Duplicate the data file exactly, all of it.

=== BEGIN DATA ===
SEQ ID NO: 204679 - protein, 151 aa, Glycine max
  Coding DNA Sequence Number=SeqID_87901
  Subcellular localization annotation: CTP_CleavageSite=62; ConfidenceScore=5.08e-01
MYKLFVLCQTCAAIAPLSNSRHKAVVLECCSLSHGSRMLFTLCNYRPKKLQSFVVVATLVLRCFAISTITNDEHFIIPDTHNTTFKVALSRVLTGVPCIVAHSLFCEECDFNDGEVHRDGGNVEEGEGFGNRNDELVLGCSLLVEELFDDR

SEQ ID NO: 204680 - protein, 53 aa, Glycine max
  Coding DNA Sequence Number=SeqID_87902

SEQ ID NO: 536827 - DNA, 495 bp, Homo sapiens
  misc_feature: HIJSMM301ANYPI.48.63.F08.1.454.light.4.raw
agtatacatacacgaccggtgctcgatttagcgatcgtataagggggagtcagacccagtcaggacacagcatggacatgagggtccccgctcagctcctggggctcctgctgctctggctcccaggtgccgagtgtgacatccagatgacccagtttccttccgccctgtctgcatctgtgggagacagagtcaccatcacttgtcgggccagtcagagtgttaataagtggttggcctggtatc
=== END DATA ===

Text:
SEQ ID NO: 204679 - protein, 151 aa, Glycine max
  Coding DNA Sequence Number=SeqID_87901
  Subcellular localization annotation: CTP_CleavageSite=62; ConfidenceScore=5.08e-01
MYKLFVLCQTCAAIAPLSNSRHKAVVLECCSLSHGSRMLFTLCNYRPKKLQSFVVVATLVLRCFAISTITNDEHFIIPDTHNTTFKVALSRVLTGVPCIVAHSLFCEECDFNDGEVHRDGGNVEEGEGFGNRNDELVLGCSLLVEELFDDR

SEQ ID NO: 204680 - protein, 53 aa, Glycine max
  Coding DNA Sequence Number=SeqID_87902

SEQ ID NO: 536827 - DNA, 495 bp, Homo sapiens
  misc_feature: HIJSMM301ANYPI.48.63.F08.1.454.light.4.raw
agtatacatacacgaccggtgctcgatttagcgatcgtataagggggagtcagacccagtcaggacacagcatggacatgagggtccccgctcagctcctggggctcctgctgctctggctcccaggtgccgagtgtgacatccagatgacccagtttccttccgccctgtctgcatctgtgggagacagagtcaccatcacttgtcgggccagtcagagtgttaataagtggttggcctggtatc